Small Y+

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 September 18, 2009, 10:26 Small Y+ #1 New Member   Shannon Galway Join Date: Sep 2009 Posts: 4 Rep Power: 10 Is there a disadvantage to a small Y+? I know for shear stress transport models I am looking for a Y+ less than approximately 2. Is there a disadvantage/error to having this number much smaller than that (like 0.2 for example)?

September 25, 2009, 09:08
#2
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federico
Join Date: Aug 2009
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Quote:
 Originally Posted by sgalway Is there a disadvantage to a small Y+? I know for shear stress transport models I am looking for a Y+ less than approximately 2. Is there a disadvantage/error to having this number much smaller than that (like 0.2 for example)?
Are you simulating a wall-bounded turbulent flow? if you use DNS or LES your first computational node off the wall must be at y1+ = 1 or even y1+=0.5, but this mean a very large ammount of nodes. With wall function (this means that you are not making DNS anymore) you can put your first node in the log zone, so y1+ > 30, and you can save the number of computational nodes.

 September 25, 2009, 13:43 #3 New Member   kumar Join Date: Sep 2009 Posts: 4 Rep Power: 10 Hi For wall integration grids we need to have y plus around 0.2 to 1. where as with the low y plus values you will see some convergence issues. With the low y plus values there is possibility to predict wrong gradients. That will screw up your complete solution.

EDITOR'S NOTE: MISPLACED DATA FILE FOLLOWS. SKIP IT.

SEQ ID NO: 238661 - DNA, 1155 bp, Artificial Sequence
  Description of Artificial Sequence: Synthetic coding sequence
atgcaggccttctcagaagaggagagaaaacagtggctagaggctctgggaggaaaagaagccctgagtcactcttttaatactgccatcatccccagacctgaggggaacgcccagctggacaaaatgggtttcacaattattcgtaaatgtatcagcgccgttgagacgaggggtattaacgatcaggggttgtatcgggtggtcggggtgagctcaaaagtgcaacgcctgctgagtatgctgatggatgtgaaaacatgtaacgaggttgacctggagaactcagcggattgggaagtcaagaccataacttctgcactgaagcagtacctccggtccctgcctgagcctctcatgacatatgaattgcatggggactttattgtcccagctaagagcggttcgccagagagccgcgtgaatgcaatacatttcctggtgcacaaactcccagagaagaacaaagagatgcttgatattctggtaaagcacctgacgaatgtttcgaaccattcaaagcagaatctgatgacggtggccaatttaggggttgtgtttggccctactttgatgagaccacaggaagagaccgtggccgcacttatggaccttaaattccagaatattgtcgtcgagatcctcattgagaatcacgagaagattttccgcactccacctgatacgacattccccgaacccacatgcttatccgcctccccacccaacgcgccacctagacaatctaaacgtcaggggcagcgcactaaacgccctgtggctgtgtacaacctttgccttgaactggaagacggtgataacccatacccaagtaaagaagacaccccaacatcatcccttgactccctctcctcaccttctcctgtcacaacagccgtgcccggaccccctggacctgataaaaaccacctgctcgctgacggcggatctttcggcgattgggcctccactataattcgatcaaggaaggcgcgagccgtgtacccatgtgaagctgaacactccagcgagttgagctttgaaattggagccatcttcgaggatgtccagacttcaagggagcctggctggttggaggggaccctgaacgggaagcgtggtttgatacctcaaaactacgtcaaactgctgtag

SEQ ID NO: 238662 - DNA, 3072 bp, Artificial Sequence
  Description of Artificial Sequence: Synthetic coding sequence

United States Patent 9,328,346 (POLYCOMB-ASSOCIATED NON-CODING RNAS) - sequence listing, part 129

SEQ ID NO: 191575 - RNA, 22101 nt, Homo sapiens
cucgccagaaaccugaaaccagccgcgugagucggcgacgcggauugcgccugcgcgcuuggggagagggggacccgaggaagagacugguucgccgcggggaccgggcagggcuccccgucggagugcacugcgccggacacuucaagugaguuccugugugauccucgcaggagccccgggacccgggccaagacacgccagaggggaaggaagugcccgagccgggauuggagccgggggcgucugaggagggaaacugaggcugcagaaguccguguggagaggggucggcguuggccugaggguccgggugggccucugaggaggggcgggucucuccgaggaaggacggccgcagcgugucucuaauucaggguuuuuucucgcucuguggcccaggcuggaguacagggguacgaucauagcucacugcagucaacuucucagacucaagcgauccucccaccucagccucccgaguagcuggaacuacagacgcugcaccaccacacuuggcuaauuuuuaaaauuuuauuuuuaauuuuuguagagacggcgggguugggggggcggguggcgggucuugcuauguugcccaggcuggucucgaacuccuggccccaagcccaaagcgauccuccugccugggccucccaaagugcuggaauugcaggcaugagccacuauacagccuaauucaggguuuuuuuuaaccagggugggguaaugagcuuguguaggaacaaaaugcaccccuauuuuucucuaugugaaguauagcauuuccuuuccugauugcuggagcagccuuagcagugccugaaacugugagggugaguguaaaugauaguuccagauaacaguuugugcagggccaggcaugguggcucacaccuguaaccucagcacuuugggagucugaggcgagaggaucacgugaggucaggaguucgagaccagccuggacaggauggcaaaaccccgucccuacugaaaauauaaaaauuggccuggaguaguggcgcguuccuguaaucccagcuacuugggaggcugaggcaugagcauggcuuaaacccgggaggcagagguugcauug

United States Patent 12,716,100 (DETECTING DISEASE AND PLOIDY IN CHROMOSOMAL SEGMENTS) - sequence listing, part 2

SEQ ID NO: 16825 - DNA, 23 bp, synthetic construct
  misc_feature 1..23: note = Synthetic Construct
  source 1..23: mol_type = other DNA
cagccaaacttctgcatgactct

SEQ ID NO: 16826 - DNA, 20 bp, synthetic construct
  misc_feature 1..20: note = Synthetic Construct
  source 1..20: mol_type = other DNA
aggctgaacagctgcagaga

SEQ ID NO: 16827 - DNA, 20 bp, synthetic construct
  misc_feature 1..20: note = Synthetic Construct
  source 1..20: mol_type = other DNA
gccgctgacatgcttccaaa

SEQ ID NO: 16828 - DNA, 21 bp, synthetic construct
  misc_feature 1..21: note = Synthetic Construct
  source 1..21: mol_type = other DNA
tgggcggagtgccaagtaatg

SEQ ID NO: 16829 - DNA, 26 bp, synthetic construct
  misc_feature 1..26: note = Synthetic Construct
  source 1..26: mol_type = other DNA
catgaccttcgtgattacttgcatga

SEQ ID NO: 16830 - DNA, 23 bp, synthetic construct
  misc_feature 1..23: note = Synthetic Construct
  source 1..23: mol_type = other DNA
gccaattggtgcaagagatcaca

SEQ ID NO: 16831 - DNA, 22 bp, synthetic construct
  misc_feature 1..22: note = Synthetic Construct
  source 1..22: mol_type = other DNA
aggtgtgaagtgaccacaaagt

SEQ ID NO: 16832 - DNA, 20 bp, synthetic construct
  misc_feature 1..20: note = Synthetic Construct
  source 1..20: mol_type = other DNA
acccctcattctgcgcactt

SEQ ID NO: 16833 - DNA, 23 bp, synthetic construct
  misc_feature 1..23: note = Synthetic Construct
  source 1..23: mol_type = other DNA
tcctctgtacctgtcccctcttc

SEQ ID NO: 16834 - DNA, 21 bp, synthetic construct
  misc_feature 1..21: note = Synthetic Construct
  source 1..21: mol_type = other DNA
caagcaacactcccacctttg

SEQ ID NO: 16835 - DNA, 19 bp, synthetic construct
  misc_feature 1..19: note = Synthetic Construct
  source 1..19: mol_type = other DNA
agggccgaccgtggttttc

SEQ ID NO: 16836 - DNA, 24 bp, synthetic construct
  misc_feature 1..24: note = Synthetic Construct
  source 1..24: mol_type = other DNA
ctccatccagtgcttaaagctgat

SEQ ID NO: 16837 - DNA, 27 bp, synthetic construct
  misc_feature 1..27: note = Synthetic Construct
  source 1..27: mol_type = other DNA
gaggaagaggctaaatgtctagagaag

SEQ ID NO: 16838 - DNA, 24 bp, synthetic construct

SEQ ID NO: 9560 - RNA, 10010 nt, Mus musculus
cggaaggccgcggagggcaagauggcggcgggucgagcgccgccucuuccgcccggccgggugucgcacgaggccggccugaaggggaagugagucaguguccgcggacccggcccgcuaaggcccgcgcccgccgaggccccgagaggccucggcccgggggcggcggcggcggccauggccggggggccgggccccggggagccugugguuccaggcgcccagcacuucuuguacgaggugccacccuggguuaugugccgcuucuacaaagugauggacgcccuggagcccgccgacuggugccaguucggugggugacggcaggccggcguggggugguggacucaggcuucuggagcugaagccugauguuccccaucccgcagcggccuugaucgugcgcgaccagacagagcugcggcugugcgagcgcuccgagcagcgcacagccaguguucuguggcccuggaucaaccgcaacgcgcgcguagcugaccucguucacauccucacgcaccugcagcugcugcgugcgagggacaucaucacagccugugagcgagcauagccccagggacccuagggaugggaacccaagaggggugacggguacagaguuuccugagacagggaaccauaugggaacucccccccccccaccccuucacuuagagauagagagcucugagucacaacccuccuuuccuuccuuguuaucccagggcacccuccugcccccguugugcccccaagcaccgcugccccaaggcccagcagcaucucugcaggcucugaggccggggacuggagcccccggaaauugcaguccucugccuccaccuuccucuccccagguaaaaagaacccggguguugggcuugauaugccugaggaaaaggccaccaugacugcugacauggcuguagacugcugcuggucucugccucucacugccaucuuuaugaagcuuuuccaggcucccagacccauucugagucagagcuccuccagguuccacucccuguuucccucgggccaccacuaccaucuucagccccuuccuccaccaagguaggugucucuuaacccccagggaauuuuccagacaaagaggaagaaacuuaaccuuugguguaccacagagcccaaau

September 25, 2009, 22:23
#4
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Shannon Galway
Join Date: Sep 2009
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Quote:
 Originally Posted by aatman Are you simulating a wall-bounded turbulent flow? if you use DNS or LES your first computational node off the wall must be at y1+ = 1 or even y1+=0.5, but this mean a very large ammount of nodes. With wall function (this means that you are not making DNS anymore) you can put your first node in the log zone, so y1+ > 30, and you can save the number of computational nodes.
I am modeling the leg of an offshore jackup drilling rig. Therefore, this is an open flow around an obstruction.

Quote:
 Originally Posted by cfd_lean Hi For wall integration grids we need to have y plus around 0.2 to 1. where as with the low y plus values you will see some convergence issues. With the low y plus values there is possibility to predict wrong gradients. That will screw up your complete solution.
Can you expand on the "convergence issues". Why would low Y+ values give convergence problems?

Thanks for all the help. I really appreciate it.

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